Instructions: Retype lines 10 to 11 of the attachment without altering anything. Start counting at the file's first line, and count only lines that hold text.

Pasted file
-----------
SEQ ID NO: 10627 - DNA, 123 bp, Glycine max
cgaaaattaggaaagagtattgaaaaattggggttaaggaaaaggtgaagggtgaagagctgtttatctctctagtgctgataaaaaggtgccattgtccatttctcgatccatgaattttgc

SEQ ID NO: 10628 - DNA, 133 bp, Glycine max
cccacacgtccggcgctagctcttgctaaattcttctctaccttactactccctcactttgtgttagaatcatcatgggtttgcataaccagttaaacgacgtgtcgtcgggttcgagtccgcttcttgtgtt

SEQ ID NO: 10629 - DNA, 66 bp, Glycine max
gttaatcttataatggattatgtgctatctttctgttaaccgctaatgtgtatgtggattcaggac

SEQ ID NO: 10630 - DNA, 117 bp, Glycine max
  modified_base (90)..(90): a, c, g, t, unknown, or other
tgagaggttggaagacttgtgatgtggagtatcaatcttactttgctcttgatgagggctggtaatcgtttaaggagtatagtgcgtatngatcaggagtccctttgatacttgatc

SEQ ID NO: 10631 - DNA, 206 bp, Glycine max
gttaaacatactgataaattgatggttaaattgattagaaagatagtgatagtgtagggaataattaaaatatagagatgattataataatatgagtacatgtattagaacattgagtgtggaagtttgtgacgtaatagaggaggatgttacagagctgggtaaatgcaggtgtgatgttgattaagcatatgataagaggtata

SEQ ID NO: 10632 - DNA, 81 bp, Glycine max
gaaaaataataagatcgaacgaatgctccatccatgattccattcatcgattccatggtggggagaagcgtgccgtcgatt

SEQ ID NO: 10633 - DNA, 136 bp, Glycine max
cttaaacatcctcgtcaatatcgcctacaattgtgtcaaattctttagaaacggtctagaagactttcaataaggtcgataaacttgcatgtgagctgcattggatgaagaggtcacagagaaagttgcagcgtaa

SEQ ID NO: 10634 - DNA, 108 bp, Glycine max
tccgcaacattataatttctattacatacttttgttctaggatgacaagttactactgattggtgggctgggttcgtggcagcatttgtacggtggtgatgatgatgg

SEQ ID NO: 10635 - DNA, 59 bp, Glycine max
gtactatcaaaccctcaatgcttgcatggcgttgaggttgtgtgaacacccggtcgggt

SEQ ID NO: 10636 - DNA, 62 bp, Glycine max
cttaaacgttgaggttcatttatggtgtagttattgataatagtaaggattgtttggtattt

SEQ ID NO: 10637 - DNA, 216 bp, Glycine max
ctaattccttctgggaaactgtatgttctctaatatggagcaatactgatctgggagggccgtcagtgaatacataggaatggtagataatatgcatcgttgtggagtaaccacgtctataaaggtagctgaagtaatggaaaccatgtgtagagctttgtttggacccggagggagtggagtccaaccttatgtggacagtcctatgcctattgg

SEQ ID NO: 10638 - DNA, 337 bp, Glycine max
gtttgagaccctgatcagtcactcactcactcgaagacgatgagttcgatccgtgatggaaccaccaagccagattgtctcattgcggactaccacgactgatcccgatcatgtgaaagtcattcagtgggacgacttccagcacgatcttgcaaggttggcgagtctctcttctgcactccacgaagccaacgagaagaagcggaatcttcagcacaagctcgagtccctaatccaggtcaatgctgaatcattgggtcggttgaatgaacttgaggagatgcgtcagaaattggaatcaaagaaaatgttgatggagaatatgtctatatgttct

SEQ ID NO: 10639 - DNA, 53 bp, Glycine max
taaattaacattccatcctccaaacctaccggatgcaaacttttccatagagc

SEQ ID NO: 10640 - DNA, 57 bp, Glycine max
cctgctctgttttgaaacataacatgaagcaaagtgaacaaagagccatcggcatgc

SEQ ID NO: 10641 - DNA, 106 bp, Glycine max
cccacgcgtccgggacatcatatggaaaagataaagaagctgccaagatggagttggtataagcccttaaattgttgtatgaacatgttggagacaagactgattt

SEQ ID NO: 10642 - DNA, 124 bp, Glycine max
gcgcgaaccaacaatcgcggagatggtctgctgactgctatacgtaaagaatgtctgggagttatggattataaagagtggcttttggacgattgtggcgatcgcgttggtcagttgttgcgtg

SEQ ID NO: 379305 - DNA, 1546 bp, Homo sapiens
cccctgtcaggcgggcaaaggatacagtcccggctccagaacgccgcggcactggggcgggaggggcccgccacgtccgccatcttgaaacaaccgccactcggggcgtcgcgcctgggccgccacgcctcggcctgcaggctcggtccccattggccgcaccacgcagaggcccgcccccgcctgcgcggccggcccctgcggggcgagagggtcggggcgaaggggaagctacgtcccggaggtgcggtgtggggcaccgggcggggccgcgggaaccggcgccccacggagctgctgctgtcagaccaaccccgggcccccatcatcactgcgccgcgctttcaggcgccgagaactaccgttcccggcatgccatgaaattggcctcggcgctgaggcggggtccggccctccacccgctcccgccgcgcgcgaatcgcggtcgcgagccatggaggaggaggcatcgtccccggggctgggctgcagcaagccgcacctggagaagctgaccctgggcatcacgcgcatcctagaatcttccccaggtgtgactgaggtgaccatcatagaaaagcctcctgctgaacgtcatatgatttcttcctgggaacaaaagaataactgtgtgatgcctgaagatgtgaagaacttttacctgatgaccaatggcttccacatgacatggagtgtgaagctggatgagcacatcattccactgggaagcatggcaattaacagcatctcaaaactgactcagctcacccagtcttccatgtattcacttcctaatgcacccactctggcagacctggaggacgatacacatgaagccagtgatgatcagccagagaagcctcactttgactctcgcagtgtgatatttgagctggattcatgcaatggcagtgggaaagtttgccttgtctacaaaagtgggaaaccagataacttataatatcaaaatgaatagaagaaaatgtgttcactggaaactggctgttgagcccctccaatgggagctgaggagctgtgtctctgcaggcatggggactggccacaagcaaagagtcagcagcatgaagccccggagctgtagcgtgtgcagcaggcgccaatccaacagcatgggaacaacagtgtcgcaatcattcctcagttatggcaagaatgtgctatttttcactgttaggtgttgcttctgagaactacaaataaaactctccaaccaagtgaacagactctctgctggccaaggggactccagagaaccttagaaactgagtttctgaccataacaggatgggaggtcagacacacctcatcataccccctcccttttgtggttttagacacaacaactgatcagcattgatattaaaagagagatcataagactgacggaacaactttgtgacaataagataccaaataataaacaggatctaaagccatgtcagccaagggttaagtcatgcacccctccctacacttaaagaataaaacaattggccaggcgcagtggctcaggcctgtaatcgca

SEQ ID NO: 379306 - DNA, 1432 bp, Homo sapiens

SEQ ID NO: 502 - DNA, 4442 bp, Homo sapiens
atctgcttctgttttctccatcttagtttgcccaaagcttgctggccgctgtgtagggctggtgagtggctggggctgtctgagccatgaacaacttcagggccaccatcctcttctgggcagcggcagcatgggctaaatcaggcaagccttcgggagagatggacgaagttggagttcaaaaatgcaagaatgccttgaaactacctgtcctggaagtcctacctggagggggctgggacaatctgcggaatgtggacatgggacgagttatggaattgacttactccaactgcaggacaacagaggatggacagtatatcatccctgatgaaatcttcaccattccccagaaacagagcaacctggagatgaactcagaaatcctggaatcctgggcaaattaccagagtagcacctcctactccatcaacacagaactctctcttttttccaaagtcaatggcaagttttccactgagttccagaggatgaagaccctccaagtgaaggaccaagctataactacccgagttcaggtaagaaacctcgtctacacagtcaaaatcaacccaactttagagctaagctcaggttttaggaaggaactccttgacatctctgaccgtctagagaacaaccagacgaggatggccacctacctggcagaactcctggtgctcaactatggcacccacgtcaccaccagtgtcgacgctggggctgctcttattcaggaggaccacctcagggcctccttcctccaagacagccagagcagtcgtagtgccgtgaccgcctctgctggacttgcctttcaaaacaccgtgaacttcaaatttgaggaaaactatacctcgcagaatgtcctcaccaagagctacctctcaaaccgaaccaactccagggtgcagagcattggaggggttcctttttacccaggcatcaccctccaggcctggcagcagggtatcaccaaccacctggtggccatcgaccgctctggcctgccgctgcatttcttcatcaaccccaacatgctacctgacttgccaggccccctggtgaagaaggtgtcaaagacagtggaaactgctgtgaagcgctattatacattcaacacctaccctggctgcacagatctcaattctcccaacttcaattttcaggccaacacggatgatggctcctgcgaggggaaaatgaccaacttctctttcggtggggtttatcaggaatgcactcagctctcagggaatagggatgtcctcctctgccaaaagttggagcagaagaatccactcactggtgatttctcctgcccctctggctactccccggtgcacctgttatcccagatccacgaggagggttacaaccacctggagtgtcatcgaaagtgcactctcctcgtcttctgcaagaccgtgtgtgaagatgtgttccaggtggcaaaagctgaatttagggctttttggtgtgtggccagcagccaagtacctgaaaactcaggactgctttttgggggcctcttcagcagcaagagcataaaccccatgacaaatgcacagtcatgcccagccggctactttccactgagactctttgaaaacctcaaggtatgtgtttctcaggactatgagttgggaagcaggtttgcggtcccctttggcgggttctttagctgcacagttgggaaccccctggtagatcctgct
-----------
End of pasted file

SEQ ID NO: 10631 - DNA, 206 bp, Glycine max
gttaaacatactgataaattgatggttaaattgattagaaagatagtgatagtgtagggaataattaaaatatagagatgattataataatatgagtacatgtattagaacattgagtgtggaagtttgtgacgtaatagaggaggatgttacagagctgggtaaatgcaggtgtgatgttgattaagcatatgataagaggtata